Posted on August 18, 2018

In a bid to crack down on price manipulation and protect consumer rights, the Ministry of Economy and Commerce (MEC) is pursuing its intensive inspection campaigns before and during Eid Al Adha.

The campaigns target shops, malls and retail outlets specialised in selling Eid accessories. These include men and women accessory shops, readymade garments and children’s clothing, perfumes and accessories, shoes, textile shops for men and women, tailor shops, gold and jewellery stores as well as fruit and vegetable shops, sweet and nut stores, barber shops, beauty salons and car washing centres.

The Ministry is also monitoring promotional offers across markets and the subsidised sheep initiative 1439H, to ensure the compliance of suppliers (retail outlets) with their obligations under Law No. 8 of 2008 on consumer protection. Traditionally, the ministry has intensified its inspection campaigns ahead and during Eid Al Adha to monitor and regulate markets and commercial activities as well as to crack down on price manipulation and uncover violations in a bid to protect consumer rights.

The inspection campaigns, which targeted more than 1,800 retail outlets, resulted in 13 penalties. Violations included missing price tags, offering unlicensed promotions, failing to display the promotional license in a prominent place, lack of invoices, charging consumers higher than the advertised price, lack of clear product-related data, missing Arabic product labels, failing to Arabise invoices, in addition to displaying and selling counterfeit products that bear international trademarks. The Ministry urged merchants and retail outlets to comply with laws and circulars it issues and to provide high quality products and services to consumers. The Ministry also cautioned against taking advantage of events and holidays to raise prices and exploit consumers.

The ministry also urged merchants to advertise the price of products and services, to display explanatory product labels, to use Arabic in product labels and ads, to clearly label discounted products and show the price before and after the discount period, to clearly specify the service’s features, characteristics and price, to issue complete invoices in Arabic, to comply with the fruits and vegetables price bulletin, to offer a warranty for a period that corresponds with the nature of the service and to refund consumers or offer the service properly, to refrain from displaying and selling expired and substandard products, to refrain from charging consumers higher than the advertised price, to refrain from offering promotions without obtaining a license from the concerned department, to refrain from increasing prices with obtaining the approval of the concerned department and to refrain from falsely describing or advertising a product in a misleading manner.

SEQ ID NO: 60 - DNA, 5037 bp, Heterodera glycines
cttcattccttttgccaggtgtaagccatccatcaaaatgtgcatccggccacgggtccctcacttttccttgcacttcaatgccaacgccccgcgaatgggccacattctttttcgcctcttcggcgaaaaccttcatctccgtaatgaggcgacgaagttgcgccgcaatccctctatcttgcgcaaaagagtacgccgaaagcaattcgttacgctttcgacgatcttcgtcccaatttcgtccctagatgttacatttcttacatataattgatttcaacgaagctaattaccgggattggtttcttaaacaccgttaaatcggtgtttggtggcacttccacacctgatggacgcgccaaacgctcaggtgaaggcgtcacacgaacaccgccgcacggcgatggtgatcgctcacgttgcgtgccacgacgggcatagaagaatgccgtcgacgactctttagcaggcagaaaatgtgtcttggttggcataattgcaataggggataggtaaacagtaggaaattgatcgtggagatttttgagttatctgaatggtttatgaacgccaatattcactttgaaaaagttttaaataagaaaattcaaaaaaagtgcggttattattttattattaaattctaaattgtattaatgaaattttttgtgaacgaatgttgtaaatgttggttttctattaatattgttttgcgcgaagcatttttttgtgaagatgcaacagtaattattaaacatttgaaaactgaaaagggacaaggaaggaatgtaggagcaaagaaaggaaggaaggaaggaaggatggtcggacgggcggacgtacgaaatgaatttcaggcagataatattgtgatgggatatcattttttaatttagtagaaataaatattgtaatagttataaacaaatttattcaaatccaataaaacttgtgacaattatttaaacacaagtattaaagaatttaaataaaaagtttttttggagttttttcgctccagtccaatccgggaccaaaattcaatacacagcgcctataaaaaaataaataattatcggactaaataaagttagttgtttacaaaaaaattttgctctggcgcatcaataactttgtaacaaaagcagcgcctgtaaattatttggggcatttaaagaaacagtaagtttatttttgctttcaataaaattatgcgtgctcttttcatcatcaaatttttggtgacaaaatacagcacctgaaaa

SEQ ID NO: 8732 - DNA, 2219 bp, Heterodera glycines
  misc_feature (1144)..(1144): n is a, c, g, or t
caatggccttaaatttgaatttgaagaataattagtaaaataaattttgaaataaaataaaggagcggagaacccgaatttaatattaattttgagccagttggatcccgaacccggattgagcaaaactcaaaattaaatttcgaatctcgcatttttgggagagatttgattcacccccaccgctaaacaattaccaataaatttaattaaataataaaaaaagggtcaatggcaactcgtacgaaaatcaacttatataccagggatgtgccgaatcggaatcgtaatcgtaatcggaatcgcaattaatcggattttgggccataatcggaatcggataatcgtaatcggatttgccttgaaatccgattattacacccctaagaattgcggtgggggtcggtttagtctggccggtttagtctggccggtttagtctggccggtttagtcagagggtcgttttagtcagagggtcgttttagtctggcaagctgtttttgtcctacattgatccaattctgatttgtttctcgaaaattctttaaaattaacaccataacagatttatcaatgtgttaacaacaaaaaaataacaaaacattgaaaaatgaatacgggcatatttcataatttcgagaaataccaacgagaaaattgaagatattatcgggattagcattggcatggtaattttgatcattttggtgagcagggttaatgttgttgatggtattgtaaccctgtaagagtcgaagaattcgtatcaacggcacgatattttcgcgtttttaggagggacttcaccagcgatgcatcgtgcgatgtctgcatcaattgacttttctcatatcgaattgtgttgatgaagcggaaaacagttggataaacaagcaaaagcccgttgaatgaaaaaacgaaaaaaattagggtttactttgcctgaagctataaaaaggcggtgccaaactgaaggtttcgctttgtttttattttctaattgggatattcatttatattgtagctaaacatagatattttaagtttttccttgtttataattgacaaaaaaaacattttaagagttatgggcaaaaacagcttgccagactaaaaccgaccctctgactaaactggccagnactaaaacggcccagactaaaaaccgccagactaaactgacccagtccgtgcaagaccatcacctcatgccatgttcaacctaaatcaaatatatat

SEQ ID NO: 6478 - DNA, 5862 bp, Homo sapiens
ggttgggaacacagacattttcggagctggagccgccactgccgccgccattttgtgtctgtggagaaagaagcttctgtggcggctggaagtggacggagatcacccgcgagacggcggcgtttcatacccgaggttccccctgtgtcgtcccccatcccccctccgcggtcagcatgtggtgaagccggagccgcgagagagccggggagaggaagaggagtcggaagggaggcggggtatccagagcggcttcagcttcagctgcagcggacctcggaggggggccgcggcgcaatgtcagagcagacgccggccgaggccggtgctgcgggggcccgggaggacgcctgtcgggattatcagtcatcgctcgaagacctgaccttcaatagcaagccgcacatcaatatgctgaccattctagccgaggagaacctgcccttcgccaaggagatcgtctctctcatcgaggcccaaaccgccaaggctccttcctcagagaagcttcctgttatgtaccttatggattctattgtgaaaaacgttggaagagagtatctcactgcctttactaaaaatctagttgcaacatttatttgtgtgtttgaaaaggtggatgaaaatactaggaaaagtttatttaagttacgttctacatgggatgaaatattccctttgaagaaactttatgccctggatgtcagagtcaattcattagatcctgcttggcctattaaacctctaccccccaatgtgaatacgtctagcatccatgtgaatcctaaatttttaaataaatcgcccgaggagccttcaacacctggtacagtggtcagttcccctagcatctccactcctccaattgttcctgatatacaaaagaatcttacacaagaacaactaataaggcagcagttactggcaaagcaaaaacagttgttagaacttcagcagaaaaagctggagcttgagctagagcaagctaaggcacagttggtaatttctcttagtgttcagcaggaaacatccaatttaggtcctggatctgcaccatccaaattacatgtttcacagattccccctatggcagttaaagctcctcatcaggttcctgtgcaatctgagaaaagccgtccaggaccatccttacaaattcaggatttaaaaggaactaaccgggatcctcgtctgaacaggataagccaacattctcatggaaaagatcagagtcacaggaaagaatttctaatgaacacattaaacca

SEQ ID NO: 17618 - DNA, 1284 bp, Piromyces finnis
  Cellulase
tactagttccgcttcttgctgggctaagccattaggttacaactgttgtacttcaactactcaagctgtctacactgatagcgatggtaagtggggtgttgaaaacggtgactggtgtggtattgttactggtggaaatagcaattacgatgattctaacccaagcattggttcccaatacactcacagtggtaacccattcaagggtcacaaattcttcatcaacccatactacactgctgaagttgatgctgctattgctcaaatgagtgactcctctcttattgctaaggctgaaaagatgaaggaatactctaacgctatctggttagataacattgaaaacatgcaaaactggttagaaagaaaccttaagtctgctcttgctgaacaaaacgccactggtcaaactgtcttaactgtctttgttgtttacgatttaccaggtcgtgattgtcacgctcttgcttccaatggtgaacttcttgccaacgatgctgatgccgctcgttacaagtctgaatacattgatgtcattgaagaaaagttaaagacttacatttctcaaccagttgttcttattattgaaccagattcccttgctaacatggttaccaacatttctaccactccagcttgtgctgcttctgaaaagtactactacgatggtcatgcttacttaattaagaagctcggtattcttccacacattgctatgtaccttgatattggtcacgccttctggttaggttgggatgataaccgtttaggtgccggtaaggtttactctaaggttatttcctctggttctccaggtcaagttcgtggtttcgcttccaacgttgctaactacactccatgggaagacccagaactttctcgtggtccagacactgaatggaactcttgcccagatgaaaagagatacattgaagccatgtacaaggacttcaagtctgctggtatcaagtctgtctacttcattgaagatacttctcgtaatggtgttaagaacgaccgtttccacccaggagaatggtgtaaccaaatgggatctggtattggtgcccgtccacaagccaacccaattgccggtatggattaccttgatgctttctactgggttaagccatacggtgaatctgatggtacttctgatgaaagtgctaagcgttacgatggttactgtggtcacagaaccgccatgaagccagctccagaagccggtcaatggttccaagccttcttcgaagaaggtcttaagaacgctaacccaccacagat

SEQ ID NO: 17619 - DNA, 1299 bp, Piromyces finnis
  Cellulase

Violations of Law No. (8) of 2008 on consumer protection result in penalties ranging from administrative closure to fines between QR3,000 and QR1m. The Ministry stressed that it will not tolerate any violations of the Consumer Protection Law and its regulations and will intensify its inspection campaigns to crackdown on violations. The ministry said it will refer those who violate laws and ministerial decrees to competent authorities, who will in turn take appropriate action against perpetrators in order to protect consumer rights.

The Ministry also aims to promote awareness among consumers about their rights and duties whereby the ministry continuously offers tips aimed at promoting consumer awareness of their rights and duties. In this context, the Ministry urges all consumers to request a detailed a detailed invoice, to check the product’s quality and to compare its price before and after discounts. Consumers should also check for product-related data such as the production and expiry date, country of origin and price. Consumers should also check for clear price tags and be aware of the data required to file a complaint against the shop or supplier.

source: The Peninsula

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